Page 1 of 2 Scientific American: Samsung SDI to double ultra thin

Scientific American: Samsung SDI to double ultra thin flat screen output
Page 1 of 2
October 10, 2007
Samsung SDI to double ultra thin flat screen output
By Marie-France Han and Rafael Nam
SEOUL (Reuters) - South Korean display screen maker Samsung SDI Co <006400.KS> said on Wednesday
it started mass producing ultra thin flat screens and would double capacity by next year, sending its shares
surging 14 percent.
The world's No.3 maker of plasma display panels is increasingly looking at the super thin screens called AMOLED as a growth driver, as they produce brighter images and use less power.
Samsung SDI said it would double monthly output capacity of active-matrix organic light-emitting diode (AMOLED) displays to 3 million units by 2008 from 1.5 million now.
The company has been plagued by falling prices and weak margins in both plasma display panels (PDP) and
traditional cathode-ray tubes for televisions.
"This is something that is necessary for the firm. They have to invest in a new business," said Jay Yoo,
analyst at Korea Investment and Securities.
Samsung SDI shares jumped to a near one-year high of 74,900 won ($82) in the stock's biggest daily
percentage gain since March 15, 2002, far outpacing the main KOSPI's <.KS11> 1.3 percent gain.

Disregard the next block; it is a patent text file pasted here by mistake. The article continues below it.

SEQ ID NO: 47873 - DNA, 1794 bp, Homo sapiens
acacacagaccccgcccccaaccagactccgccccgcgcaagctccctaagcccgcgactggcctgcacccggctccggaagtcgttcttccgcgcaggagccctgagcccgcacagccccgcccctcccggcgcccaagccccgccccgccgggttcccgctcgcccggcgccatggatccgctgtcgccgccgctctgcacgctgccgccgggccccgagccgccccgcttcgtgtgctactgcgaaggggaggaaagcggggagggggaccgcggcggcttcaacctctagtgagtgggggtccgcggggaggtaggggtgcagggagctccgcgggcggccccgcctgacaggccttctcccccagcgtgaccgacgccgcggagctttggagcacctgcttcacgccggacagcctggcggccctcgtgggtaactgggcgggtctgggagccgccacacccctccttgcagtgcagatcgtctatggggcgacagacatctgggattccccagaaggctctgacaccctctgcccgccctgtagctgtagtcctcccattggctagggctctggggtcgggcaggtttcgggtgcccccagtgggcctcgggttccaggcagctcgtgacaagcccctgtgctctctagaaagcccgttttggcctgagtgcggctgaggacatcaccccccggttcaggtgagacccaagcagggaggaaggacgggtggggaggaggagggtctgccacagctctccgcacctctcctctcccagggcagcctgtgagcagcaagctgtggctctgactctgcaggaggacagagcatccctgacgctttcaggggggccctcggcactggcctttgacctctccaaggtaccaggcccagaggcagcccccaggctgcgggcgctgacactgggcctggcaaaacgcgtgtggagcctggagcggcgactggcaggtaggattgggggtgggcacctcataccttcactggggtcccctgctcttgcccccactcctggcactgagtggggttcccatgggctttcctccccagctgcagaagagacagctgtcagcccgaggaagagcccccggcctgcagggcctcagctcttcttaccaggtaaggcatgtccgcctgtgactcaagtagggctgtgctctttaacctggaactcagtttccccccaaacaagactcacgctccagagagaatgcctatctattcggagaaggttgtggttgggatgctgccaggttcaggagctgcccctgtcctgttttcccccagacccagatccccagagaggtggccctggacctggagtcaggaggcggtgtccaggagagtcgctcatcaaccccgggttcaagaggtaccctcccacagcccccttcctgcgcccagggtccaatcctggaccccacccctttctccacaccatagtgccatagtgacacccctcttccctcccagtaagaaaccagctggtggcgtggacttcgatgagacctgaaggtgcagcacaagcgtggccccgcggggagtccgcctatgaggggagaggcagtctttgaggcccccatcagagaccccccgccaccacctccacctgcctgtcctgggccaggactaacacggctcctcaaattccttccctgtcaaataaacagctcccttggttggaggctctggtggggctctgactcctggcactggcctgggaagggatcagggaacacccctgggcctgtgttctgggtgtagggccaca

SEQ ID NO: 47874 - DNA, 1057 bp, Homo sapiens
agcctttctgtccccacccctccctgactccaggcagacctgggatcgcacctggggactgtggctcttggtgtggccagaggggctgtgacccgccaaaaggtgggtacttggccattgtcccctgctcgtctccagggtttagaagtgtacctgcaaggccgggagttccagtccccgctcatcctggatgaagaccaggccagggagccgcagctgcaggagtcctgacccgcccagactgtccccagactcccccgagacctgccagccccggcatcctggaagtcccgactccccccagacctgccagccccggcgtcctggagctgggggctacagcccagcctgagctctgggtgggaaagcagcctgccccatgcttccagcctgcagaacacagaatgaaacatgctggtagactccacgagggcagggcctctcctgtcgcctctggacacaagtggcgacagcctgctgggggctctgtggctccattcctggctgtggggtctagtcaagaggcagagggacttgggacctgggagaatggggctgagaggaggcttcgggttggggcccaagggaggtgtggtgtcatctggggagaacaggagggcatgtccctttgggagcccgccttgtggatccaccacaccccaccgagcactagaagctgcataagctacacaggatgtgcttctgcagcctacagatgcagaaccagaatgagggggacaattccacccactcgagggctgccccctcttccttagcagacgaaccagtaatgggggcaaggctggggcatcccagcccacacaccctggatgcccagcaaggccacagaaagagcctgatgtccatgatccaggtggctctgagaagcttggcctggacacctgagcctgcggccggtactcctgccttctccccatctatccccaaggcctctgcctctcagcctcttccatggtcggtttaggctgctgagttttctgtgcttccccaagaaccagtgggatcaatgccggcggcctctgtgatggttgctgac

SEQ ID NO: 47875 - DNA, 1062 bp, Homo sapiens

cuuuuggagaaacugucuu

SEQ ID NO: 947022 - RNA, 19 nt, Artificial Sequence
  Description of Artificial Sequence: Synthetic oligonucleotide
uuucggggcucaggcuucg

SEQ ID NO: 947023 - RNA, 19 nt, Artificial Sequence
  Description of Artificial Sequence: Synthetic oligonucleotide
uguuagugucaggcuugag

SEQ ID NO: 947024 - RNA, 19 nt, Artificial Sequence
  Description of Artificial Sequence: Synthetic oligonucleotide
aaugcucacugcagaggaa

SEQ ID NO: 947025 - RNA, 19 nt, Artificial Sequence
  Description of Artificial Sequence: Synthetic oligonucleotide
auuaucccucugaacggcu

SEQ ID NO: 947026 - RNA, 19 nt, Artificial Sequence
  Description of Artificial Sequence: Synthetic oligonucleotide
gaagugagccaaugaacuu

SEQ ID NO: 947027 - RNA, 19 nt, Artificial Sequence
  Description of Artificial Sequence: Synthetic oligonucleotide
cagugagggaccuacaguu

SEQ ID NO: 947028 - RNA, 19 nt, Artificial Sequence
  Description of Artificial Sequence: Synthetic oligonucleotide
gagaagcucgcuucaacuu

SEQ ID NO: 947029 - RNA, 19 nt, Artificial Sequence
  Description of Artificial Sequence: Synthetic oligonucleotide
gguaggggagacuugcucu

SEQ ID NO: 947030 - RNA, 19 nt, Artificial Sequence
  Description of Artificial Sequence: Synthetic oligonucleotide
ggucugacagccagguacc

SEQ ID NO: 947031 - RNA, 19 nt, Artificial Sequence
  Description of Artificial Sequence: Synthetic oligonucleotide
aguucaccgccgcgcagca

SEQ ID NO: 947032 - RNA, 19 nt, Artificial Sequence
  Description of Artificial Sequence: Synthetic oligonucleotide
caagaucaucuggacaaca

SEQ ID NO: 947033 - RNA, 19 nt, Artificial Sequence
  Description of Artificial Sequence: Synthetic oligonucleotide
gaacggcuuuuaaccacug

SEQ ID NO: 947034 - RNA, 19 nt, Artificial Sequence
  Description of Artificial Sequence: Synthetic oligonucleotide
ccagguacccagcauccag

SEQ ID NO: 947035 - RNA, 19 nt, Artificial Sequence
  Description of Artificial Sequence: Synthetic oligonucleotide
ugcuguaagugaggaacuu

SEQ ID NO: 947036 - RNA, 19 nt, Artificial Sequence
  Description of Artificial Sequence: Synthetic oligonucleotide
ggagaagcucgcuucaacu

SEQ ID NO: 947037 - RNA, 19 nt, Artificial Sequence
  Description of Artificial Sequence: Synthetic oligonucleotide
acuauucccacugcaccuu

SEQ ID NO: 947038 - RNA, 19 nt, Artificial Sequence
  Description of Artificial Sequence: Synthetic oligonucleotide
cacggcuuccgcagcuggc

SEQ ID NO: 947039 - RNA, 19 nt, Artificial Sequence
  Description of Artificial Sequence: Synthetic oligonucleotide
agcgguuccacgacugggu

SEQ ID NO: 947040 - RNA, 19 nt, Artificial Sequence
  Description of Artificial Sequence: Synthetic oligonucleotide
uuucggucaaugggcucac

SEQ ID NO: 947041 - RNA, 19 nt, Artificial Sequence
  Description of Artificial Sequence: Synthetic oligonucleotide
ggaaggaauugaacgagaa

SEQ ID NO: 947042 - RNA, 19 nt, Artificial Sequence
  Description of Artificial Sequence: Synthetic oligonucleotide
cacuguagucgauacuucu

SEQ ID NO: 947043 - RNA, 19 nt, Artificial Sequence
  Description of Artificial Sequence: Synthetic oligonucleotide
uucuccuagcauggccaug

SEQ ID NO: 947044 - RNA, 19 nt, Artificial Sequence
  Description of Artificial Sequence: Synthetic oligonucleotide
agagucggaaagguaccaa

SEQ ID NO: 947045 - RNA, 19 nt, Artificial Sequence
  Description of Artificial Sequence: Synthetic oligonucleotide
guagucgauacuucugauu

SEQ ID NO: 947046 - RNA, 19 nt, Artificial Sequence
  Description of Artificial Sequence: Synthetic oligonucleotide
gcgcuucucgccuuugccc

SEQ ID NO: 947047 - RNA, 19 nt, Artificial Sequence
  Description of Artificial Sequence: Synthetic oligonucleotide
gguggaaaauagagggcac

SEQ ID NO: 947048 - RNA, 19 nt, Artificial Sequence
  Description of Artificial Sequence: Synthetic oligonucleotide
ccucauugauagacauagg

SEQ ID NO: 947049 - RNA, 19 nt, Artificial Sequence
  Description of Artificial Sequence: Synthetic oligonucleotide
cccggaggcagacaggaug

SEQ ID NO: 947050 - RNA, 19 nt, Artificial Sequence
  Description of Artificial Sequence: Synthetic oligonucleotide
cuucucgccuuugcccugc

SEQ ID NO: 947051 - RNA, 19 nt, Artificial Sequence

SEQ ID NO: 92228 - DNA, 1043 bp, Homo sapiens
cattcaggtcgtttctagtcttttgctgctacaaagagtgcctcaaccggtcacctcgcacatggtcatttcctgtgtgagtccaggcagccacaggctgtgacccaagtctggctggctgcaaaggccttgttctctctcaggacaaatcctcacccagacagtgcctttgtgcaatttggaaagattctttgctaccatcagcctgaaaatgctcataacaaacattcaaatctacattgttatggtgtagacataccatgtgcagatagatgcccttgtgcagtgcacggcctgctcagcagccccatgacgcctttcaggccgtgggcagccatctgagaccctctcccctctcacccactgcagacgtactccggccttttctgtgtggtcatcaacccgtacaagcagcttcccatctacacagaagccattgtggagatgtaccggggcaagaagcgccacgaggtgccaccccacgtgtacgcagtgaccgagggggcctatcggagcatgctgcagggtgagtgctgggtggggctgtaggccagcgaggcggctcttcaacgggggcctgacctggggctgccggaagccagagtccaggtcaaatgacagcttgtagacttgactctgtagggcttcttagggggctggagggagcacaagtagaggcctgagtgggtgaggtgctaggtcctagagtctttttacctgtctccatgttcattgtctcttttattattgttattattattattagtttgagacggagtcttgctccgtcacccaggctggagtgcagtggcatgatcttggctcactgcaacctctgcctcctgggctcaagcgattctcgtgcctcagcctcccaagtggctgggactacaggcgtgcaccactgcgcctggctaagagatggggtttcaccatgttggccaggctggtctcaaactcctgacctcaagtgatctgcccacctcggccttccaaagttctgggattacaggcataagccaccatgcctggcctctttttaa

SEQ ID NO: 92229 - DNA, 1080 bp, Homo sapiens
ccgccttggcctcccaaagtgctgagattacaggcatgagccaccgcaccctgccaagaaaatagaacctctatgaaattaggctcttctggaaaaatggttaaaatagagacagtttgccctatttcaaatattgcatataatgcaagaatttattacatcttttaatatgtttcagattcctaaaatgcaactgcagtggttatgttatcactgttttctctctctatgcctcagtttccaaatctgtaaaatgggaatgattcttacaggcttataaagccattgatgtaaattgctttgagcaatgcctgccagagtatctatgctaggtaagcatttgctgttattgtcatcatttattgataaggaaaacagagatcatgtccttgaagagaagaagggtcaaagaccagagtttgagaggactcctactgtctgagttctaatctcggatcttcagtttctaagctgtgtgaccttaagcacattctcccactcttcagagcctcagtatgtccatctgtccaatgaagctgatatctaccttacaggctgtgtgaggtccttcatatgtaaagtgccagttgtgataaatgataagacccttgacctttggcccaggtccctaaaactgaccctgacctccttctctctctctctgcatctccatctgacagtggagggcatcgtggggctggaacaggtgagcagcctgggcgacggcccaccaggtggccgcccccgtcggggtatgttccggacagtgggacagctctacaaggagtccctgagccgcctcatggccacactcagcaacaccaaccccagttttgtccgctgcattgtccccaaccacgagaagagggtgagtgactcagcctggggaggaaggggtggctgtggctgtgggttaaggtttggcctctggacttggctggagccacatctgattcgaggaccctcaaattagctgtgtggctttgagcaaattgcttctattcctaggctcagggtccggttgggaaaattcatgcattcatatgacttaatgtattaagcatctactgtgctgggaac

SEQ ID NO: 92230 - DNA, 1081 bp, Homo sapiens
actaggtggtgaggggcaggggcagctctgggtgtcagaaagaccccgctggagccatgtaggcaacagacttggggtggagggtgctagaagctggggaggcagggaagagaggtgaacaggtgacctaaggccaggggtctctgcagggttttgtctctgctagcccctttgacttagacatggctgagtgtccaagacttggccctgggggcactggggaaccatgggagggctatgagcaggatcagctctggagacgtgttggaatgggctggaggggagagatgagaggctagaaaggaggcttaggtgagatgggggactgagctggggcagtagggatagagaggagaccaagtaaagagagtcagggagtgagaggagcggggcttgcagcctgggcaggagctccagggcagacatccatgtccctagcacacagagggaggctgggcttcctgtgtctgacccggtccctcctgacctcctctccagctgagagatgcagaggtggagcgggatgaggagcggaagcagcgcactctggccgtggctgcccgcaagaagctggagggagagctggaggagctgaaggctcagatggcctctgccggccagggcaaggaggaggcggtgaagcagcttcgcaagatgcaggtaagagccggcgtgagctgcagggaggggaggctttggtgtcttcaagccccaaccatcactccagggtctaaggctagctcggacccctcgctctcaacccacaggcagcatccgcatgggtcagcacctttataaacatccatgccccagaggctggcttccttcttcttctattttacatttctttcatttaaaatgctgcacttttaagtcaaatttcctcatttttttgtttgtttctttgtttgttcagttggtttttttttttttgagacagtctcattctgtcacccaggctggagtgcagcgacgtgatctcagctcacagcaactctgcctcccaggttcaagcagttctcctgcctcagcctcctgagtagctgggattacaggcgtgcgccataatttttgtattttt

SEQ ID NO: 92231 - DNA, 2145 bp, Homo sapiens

The stock had gained 2.2 percent so far this year as of Tuesday, underperforming the broader market's 40
percent rise.
Flat screen makers are betting OLED screens will replace the currently dominant LCD panels on multimedia
mobile phones and portable media players.
Japan's Sony Corp <6758.T> last week announced the December launch of the first TV set that uses AMOLED technology. Just 3 mm thick, the TV has an 11-inch screen and sells for 200,000 yen ($1,704). For that
price, consumers can find 40-inch LCD models.
"Everybody agrees AM-OLED will be the next-generation display instead of LCD and plasma," said Jeff Kim,
analyst at Hyundai Securities. "But we have to be realistic. The LCD and PDP markets are not mature yet and
will still grow until 2010-11.
"Even if AM-OLED became popular, manufacturers will not be able to meet the break-even point because of
price competition."
Research firm DisplaySearch expects the global OLED TV market to grow 24-fold to $884 million in 2011 from
an estimated $37 million in 2008, far outpacing 15 percent growth in LCD TV demand.
However, the 2011 figure for OLED TVs is less than 1 percent of projected LCD TV revenues of $92 billion for
the same year.
Samsung SDI dismissed the notion it could enter an AM-OLED TV war with Sony.
"AM-OLEDs are an ideal technology for portable displays," Kim Jea-wook, president of Samsung SDI's
display unit, told a press conference. "Any decision to enter the television business will be made depending on
From a technological viewpoint, Kim said Samsung SDI had about a year's advance on Sony.
Regarding the company's ailing plasma display unit, Kim said the division would reach break-even sometime
next year.
Samsung SDI was the world's top producer of PDPs in 2005, but was overtaken by Japan's Matsushita
Electric Industrial Co <6752.T> and local rival LG Electronics <066570.KS> last year amid production
problems and declining sales.
The company posted a bigger-than-expected second-quarter net loss in July, hurt by tumbling prices of its
television screens.